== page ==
Re: Alistair ++ is a Japanese-style (but not Japanese) visual novel with dating sim aspects, created in the Ren'Py engine. As such, there's not a huge whole lot of actual gameplay; as Merui, you work to win the affections of one of three guys, while figuring out which one of them stole your kill in an MMO boss battle. Each day, you have a choice at three moments: where to spend your lunch hour, what do do after school, and what do do in the evenings. Your choices can either set you up for the next scene with one of the three boys, or increase one of three stats (network reputation, social reputation, or intelligence), and basically each of the three guys prefers one of the three stats. You can also shop at the mall, and certain items improve your chances with different guys.
Just another dating sim designed by refugees from 4chan as a result of an anonymous post on /a/. Also, all the girls are disabled in some way -- Katawa is roughly translatable as "retard" or "cripple;" it's not a nice word. Heartwarming, right?
But, shockingly, it's the best portrayal of people with disabilities I've ever seen, far outstripping those you see in the mainstream media, mostly because those are limited to Professor X.
In Aching Dreams, you're a sword-and-sorcery hero type going off and fighting monsters and such -- but this is no RPG, and increasing your stats is only a tool to an end. The end is using your tool, as it were. It's a hentai-style "date sim," and "winning" means winning the heart (and, you know, body) of one of two girls.
Though there's a minor bit of resource management -- you have only 32 days, some of which you will need to spend working on skills and taking jobs to earn money for needed equipment -- much of the game involves clicking "Next" to read the next bit of text and see the next set of images. Occasionally you have a choice to make. Some of the images, if you're doing well, are explicit, that is, show you merrily rogering one of the game's female characters, in your choice of positions.
Hand-drawn manga-style pictures of naked chicks do not strike me as all that erotic, really, but there they are. The game draws you in, however, because there's a puzzle-solving aspect to achieving your ends, and because the text is well-written and moderately amusing. There are also several different endings and eight possible "achievements" -- some of which can only be accomplished on a second or subsequent playthrough -- and you may find yourself playing through several times to unlock them all.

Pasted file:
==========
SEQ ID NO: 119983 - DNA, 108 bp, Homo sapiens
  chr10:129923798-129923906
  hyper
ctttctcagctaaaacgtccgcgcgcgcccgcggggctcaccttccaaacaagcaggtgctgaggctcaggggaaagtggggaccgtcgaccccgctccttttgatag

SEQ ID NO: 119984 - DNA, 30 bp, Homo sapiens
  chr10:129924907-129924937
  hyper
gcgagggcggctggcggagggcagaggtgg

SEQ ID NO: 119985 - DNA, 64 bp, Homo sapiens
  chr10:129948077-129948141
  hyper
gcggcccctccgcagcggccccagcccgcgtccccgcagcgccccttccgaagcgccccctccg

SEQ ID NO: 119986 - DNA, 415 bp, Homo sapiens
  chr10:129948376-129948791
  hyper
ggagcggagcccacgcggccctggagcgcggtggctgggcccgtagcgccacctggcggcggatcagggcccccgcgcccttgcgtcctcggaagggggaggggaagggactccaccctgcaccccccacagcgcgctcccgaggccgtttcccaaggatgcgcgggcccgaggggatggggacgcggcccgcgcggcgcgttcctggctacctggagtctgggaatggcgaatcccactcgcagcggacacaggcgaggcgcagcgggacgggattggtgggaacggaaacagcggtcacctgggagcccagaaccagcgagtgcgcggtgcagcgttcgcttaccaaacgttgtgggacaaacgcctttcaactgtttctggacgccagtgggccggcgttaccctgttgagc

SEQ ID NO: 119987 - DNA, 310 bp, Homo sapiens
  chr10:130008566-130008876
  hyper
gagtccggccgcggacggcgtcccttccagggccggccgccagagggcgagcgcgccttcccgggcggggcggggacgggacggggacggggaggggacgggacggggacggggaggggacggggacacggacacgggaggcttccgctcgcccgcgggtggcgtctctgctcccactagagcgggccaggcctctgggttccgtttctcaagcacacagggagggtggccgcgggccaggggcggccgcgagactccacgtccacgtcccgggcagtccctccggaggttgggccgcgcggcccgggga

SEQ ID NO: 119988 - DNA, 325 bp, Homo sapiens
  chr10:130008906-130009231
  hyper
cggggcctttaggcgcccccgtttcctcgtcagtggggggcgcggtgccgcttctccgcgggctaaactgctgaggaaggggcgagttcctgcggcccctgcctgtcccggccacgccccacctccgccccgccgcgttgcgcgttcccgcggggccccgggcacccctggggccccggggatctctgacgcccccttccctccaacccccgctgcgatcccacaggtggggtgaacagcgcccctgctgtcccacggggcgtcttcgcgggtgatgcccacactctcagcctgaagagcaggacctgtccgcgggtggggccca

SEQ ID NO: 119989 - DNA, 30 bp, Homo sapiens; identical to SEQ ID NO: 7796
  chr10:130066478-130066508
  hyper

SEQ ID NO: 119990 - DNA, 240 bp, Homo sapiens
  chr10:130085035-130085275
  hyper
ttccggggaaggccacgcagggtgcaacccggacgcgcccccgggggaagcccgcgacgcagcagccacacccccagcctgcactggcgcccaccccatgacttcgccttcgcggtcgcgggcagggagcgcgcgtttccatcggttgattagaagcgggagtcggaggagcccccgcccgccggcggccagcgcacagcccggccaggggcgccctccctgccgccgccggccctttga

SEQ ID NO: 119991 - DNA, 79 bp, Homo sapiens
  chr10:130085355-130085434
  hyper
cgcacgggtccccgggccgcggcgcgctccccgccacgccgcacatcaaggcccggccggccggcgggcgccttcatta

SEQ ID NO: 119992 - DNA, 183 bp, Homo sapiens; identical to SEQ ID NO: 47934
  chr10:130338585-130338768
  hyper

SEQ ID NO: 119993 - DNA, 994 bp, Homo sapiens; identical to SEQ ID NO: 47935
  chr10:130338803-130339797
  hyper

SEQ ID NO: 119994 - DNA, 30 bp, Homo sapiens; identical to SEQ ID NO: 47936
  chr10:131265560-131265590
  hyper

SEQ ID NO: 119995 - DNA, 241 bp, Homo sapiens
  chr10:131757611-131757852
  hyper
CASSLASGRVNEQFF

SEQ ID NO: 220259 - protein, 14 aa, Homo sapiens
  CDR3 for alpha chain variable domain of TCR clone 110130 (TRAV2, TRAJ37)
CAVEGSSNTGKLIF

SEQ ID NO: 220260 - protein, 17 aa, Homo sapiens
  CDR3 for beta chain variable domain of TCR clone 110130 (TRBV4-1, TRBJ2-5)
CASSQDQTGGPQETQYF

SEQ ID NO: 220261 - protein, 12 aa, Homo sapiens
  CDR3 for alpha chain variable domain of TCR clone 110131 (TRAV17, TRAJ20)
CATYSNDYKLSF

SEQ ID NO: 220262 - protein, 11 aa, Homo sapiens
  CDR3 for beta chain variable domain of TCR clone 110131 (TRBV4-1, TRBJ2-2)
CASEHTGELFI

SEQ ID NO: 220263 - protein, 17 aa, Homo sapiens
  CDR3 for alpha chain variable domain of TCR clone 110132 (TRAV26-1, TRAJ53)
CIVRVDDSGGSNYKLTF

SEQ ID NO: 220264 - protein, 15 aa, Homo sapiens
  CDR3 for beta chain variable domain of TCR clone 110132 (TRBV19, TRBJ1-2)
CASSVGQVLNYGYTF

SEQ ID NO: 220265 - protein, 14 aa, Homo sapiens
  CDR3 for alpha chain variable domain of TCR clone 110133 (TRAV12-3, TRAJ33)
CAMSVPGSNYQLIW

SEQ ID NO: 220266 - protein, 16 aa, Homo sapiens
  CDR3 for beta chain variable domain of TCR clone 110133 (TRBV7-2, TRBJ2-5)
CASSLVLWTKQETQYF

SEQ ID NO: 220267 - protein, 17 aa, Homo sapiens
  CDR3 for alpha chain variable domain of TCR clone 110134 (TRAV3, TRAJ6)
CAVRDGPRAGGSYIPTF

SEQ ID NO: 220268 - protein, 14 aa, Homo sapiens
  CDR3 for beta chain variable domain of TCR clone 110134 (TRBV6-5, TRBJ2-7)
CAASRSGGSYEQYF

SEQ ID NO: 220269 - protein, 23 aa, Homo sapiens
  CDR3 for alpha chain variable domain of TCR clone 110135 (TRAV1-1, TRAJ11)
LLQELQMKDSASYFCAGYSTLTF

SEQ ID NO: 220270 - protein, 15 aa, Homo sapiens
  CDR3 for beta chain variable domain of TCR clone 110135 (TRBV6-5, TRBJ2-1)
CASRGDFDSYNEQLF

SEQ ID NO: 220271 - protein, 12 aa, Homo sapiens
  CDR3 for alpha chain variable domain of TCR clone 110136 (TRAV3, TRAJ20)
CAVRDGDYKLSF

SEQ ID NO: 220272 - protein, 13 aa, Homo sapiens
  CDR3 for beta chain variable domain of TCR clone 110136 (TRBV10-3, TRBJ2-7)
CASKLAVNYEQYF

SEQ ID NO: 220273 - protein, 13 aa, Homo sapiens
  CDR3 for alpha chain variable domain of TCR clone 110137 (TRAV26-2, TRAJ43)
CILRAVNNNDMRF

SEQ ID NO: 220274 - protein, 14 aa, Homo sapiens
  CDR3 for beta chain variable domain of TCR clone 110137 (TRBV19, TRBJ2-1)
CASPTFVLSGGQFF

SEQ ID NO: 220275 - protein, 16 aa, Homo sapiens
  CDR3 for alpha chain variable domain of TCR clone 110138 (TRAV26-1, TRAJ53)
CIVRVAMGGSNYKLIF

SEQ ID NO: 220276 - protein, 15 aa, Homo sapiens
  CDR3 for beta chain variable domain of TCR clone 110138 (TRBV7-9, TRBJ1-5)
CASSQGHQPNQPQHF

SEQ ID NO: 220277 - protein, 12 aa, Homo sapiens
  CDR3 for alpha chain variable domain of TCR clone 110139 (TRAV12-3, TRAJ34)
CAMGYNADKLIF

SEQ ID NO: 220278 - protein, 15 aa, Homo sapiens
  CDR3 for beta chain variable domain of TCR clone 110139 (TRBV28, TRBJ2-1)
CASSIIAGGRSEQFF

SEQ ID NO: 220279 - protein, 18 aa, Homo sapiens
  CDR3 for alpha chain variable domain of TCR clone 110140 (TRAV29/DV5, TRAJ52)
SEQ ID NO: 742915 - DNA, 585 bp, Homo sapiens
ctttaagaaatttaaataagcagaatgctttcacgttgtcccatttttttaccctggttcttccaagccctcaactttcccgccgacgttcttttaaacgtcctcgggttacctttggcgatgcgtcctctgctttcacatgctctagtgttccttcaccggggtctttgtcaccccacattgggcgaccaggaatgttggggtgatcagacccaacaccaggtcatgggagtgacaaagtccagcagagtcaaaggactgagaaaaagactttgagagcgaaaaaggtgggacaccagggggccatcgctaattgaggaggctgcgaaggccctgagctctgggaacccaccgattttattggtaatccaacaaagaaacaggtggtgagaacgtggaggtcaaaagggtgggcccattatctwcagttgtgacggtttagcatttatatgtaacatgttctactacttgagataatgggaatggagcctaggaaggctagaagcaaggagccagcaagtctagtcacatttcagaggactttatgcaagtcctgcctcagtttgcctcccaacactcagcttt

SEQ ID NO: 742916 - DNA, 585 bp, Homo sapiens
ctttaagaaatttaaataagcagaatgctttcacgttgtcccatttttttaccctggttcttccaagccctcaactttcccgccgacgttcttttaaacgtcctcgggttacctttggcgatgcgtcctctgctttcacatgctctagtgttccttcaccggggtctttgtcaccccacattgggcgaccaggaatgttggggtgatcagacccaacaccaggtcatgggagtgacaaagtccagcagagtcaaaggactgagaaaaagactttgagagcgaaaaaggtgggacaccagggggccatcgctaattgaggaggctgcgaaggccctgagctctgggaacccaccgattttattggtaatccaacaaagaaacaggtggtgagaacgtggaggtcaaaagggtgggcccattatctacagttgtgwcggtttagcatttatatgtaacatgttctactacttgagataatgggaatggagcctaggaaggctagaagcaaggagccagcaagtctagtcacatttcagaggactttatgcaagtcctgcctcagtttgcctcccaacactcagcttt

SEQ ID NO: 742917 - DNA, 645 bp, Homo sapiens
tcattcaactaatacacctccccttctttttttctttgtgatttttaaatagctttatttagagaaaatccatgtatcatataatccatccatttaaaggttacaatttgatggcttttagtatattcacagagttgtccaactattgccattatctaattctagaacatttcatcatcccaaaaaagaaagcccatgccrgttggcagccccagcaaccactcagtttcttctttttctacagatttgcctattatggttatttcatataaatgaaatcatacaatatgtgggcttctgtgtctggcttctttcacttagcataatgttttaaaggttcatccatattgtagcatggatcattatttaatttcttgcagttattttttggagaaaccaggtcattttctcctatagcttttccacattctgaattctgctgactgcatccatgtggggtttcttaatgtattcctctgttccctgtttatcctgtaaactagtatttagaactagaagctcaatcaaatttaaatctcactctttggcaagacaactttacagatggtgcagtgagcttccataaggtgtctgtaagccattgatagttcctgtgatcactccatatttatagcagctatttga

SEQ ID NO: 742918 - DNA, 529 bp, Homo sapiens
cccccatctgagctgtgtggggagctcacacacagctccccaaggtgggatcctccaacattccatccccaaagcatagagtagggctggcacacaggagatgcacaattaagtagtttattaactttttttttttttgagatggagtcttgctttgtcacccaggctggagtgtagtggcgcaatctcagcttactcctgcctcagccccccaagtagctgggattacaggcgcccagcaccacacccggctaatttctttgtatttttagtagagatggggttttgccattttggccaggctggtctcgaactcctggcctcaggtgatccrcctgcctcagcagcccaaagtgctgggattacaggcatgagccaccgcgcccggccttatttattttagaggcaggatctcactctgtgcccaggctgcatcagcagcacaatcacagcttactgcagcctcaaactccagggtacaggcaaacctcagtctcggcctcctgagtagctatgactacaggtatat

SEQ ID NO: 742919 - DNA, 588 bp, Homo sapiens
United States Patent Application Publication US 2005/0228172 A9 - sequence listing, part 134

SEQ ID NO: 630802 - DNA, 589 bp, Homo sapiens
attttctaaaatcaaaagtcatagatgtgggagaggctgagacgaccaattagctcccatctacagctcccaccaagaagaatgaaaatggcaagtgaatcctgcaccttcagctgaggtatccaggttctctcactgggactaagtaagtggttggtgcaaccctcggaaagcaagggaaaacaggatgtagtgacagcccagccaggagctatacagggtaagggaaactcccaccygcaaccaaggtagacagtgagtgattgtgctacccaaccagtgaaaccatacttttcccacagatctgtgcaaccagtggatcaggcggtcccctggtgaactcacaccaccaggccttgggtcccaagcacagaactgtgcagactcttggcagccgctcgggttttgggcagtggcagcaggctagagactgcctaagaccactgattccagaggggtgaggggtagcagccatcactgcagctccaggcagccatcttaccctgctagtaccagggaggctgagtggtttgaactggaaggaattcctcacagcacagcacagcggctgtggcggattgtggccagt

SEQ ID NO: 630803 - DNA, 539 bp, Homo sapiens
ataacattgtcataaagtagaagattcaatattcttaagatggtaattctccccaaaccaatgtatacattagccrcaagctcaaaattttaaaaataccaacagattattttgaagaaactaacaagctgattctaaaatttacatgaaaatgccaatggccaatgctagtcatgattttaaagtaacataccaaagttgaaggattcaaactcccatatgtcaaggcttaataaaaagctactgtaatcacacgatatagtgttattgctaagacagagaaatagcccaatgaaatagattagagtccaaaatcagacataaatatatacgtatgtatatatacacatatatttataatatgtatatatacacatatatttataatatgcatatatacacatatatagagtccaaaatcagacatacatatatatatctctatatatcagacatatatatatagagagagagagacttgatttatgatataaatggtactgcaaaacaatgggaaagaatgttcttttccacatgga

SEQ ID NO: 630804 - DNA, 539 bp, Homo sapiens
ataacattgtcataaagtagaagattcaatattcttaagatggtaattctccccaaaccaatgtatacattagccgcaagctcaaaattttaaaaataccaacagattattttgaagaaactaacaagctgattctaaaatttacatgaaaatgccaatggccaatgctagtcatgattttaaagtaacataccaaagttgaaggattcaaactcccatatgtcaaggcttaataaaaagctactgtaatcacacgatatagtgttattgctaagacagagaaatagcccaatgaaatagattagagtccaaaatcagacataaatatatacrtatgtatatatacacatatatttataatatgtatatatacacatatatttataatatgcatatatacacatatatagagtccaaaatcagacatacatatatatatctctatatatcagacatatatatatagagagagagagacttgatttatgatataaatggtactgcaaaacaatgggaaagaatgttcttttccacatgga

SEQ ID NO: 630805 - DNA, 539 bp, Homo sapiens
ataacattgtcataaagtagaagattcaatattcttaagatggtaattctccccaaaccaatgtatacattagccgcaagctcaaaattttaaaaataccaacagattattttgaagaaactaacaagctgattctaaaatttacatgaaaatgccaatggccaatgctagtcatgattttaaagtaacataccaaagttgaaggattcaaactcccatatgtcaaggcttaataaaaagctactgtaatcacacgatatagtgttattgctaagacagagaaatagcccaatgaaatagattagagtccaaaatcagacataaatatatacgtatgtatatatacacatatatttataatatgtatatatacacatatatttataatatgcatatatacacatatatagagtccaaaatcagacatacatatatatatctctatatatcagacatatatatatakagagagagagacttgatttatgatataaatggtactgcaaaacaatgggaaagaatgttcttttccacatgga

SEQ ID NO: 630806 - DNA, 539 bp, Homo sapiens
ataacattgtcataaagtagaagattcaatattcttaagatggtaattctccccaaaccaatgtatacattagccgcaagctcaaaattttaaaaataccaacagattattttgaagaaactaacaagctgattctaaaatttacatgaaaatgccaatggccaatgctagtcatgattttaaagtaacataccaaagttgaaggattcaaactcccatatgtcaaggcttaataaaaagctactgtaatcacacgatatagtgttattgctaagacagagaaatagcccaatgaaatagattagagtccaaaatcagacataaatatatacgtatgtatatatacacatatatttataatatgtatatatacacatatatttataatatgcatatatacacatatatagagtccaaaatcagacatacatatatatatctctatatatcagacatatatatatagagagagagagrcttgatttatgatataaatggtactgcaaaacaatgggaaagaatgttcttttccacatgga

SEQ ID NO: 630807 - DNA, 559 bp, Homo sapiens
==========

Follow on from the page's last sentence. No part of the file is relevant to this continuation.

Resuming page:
This repeat playability is nice, but comes at a cost; since all the missions are invariant, you're not likely to want to read the associated text more than once, so on subsequent playthroughs you're basically hammering on the mouse to "next" through stuff you've seen before.
The game did suck me in (no pun intended). Most games that deal with sex are either incredibly dumb or repulsively exploitative; Aching Dreams is neither. Indeed, it's actually kind of fun.
Summer Session is from "Tycoon Games," but Hanako's logo is on it too, and it sure looks (and plays) like Georgina Okerson's work -- so, since there aren't any in-game credits, I'm going to assume it's hers. (Okerson also created Summer Schoolgirls, Cute Knight and Fatal Hearts.) In fact, Summer Session plays a lot like Summer Schoolgirls, redeveloped for boys. The objective here isn't to make friends, however, but to get a girl friend -- perhaps a minor difference, but one that adds a mild sexual frisson.
I first played Super Mario World at the tender age of three, and when I did my mind was blown. Since my introduction to the genre, only three platformers have had a comparable impact on me. All three are indie titles. The first two, namely Spelunky and Braid, redefined what could be done within the platformer framework; they innovate to the point they seem like games from the future. The third title is VVVVVV, and it plays like a AAA title from the past. If this was pressed into a ROM back in the heyday of the NES it would be considered a seminal platformer, rubbing shoulders with the likes of Mega Man 2 and Super Mario Bros. Like the best of the 8-bit era, the game takes a single mechanic, builds upon it, and polishes it to perfection. VVVVVV is superbly designed and immensely fun, and has surprising length for an indie title. This is Terry's opus, a labor of love that put him in debt developing it. I know this is going to sound like bombastic hyperbole, but this is old-school design at the height of its craft; I sincerely hope you don't pass it up.
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